Campaigners are calling for a wider review of water abstraction licences across the Norfolk Broads after a leading environmental lawyer said the current localised approach "cannot be legally justified".

Farming abstraction licences in the Ant Valley are under threat as an Environment Agency (EA) review seeks to realign the balance between commercial, domestic and environmental water demands to protect designated habitats and sensitive wildlife.

Some farmers in the area claim they could lose revenue worth tens of thousands of pounds a year if they are unable to access water to irrigate their crops.

But the scope of the review should be much wider and more proactive said Tim Harris, owner of Catfield Fen, whose eight-year legal campaign to stop neighbouring farmers abstracting water set the tone for the current licensing shake-up.

Mr Harris sought a legal opinion from Stephen Tromans QC, one of the country's leading environmental lawyers, which he has sent to EA chief executive Sir James Bevan.

It says the EA has a legal duty "to take appropriate steps to avoid damaging European sites, not to wait to for evidence to be presented to it of damage having taken place", and that it is "already fully aware that abstraction is threatening wider areas".

Mr Tromans concludes the current Restoring Sustainable Abstraction (RSA) exercise, as it only assesses three of the many SSSIs (sites of special scientific interest) which underpin protected designations across the Broads, is currently "limited in ways which cannot be legally justified".

Mr Harris has asked for an assurance that the EA will "progress immediately" with a wider and more proactive review of abstraction licences "in compliance with its legal duties".

"Any normal person faced with this issue which says abstraction has a proven link with the deterioration of Catfield Fen, and probably up the whole Ant valley, would then be saying it cannot possibly be happening in just one river system," he said. "We must look at all the river systems in the Broads. The Thurne, the Bure, all of them.

"They (the EA) have the tools and information to do that. They have a very sophisticated model and they should run that model for the whole of Broadland to see where the shoe pinches.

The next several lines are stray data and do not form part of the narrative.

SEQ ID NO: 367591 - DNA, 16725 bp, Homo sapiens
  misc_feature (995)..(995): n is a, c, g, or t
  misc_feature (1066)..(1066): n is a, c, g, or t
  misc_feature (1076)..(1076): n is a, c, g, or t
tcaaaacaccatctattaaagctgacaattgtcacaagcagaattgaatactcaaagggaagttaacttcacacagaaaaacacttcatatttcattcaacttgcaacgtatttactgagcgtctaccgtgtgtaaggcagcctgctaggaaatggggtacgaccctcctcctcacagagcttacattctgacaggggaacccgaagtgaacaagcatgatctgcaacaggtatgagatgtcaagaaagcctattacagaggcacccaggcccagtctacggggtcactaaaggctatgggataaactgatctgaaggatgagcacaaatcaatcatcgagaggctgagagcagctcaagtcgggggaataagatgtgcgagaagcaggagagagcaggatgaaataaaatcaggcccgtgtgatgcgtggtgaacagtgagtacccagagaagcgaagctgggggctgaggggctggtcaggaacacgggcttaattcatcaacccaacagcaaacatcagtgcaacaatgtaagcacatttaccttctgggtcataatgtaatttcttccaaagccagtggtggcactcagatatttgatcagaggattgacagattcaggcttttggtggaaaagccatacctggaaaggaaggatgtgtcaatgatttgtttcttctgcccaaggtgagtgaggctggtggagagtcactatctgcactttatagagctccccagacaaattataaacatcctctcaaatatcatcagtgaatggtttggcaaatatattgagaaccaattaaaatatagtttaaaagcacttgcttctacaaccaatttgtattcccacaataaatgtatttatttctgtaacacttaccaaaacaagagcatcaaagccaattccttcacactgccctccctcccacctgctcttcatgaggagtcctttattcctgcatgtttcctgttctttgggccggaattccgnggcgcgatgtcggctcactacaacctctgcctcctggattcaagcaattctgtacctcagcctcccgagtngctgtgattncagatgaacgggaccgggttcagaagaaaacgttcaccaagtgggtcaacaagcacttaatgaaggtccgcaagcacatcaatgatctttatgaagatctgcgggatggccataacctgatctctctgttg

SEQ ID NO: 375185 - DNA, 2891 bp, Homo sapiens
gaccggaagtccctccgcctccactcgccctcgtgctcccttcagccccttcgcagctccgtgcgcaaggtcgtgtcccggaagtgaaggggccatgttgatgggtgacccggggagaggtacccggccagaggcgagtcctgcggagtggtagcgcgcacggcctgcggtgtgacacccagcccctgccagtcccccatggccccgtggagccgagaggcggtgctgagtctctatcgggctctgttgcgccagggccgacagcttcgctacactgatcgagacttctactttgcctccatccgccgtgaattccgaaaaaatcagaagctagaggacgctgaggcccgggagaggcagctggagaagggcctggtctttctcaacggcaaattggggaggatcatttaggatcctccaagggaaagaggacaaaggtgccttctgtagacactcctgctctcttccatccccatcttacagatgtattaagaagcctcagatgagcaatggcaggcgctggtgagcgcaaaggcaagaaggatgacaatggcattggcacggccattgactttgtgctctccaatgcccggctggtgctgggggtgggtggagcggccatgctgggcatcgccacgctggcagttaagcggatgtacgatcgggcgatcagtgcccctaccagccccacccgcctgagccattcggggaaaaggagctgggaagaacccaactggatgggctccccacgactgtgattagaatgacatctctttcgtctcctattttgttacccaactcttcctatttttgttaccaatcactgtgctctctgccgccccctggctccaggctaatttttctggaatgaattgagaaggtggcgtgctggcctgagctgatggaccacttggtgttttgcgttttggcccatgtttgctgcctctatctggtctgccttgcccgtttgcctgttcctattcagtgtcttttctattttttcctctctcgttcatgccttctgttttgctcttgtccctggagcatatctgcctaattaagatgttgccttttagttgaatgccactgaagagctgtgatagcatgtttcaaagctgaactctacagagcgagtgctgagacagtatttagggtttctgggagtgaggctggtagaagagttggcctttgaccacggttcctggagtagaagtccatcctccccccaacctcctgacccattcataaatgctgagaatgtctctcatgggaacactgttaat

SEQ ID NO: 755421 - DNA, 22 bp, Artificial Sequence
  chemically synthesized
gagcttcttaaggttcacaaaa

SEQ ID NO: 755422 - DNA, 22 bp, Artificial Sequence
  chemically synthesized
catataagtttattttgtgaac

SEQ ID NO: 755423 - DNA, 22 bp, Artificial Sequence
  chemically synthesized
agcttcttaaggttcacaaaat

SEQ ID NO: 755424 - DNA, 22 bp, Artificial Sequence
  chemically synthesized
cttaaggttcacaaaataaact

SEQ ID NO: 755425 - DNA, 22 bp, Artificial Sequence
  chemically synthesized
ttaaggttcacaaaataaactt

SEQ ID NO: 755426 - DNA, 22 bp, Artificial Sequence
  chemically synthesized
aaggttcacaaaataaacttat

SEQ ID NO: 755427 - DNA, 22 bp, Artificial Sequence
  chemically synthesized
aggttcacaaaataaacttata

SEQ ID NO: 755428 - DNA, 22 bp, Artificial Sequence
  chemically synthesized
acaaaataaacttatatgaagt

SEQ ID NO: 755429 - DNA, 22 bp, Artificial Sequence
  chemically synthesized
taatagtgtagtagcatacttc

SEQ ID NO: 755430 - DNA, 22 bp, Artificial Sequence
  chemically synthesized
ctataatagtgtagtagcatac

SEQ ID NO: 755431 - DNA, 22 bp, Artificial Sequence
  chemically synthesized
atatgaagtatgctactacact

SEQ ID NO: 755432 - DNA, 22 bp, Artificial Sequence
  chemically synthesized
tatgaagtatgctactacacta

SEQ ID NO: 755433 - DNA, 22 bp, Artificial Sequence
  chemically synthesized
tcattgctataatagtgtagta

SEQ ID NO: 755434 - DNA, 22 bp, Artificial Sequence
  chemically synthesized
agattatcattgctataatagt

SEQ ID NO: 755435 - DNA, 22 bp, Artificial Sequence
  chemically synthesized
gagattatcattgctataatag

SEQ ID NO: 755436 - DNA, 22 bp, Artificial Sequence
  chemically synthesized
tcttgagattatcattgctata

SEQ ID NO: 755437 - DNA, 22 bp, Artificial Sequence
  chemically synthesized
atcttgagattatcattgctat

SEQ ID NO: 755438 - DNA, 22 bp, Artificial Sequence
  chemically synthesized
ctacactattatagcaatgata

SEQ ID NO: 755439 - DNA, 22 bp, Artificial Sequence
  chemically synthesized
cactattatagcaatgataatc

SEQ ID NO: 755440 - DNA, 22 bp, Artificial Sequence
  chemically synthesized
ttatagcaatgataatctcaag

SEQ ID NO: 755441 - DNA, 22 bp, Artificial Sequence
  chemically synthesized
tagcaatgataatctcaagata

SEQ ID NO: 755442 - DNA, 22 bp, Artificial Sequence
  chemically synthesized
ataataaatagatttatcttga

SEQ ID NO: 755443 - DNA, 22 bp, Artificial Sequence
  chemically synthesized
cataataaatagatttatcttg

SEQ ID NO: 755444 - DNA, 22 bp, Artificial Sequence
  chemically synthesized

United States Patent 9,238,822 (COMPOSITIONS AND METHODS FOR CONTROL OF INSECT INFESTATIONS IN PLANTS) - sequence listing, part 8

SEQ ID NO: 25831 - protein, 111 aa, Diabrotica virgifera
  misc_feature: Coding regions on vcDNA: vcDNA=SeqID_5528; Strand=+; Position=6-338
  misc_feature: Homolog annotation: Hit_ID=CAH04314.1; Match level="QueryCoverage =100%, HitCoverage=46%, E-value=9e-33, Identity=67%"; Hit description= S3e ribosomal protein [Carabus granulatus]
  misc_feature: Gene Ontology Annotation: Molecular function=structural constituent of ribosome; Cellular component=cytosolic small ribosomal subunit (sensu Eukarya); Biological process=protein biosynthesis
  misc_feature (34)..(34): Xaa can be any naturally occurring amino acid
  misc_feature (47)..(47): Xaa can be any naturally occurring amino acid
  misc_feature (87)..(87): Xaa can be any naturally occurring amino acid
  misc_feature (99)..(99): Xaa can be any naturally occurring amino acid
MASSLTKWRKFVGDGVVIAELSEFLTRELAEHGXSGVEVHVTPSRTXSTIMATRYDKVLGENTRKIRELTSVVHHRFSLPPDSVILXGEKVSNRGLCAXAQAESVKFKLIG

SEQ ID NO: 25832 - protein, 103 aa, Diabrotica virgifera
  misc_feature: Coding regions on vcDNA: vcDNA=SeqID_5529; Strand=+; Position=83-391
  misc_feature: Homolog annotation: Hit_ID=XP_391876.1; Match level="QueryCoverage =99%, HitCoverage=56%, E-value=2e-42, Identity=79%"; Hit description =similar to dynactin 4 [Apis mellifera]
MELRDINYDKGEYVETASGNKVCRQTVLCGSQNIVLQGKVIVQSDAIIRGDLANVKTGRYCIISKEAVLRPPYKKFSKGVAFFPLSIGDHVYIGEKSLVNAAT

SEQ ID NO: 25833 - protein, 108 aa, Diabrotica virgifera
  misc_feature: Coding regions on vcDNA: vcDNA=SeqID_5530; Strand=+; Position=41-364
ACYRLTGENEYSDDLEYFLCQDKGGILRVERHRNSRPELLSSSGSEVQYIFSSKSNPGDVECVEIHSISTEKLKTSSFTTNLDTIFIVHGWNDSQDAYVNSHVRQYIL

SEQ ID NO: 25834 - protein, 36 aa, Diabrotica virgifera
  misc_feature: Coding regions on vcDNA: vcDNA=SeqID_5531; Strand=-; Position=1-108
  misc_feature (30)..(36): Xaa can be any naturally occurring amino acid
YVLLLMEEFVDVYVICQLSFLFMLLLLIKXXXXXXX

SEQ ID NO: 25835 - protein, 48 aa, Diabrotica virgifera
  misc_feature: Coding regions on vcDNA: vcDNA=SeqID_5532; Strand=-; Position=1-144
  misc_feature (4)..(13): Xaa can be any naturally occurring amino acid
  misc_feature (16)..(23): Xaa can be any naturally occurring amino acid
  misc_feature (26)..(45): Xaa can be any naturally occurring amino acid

"There is this whole list of places they should be looking at proactively but the reason they don't is they fear they know what they are going to find, and the consequences of that is something they don't want to contemplate. It is the elephant in the room. It is difficult, but they have a legal obligation to do it."

Eastern Daily Press: The Norfolk Broads is an important area for both nature conservation and food productionThe Norfolk Broads is an important area for both nature conservation and food production (Image: Mike Page)

An EA spokesman said the agency would respond to the legal opinion and Mr Harris' letter "in due course", and pointed to the many collaborative projects aiming to improve water quality and availability across the Broads, including river restoration and silt trapping, as well as trials on natural flood management schemes and ways to minimising the impact of saline intrusion from the North Sea through the management of water levels.

“Our work on water resources over the last 15 years has improved our understanding of waterways and wetlands in the region and will be reflected in our licensing decisions now and in the future," they said.

“Increasingly, we will be looking for opportunities to work with other public bodies and non-governmental organisations, such as Water Resources East, through the Broadland Catchment Partnership, to improve the water environment in this part of East Anglia.

“We will continue to engage with abstractors, environmental groups, and other interested parties to ensure we reach the best outcomes possible.

“We work closely with Natural England to achieve the conservation objectives they specify for protected sites while undertaking our regulatory functions.”

Paul Hammett, water resources specialist for the National Farmers' Union (NFU), said: “Irrigated agriculture in the Broads is a sector of local and strategic importance. This part of Norfolk alone provides 5pc of our national fruit and vegetable output, while maintaining exceptional levels of environmental protection.

“The NFU’s priority remains to secure a fair and equitable solution for the 240 abstraction licences currently under review in the Broads – a process that has left farm businesses in limbo for the past two years.

“We are keen to work with the Environment Agency, water companies, environmental groups and others to find long-term solutions. Collaboration and cooperation, not legal confrontation, is the best approach."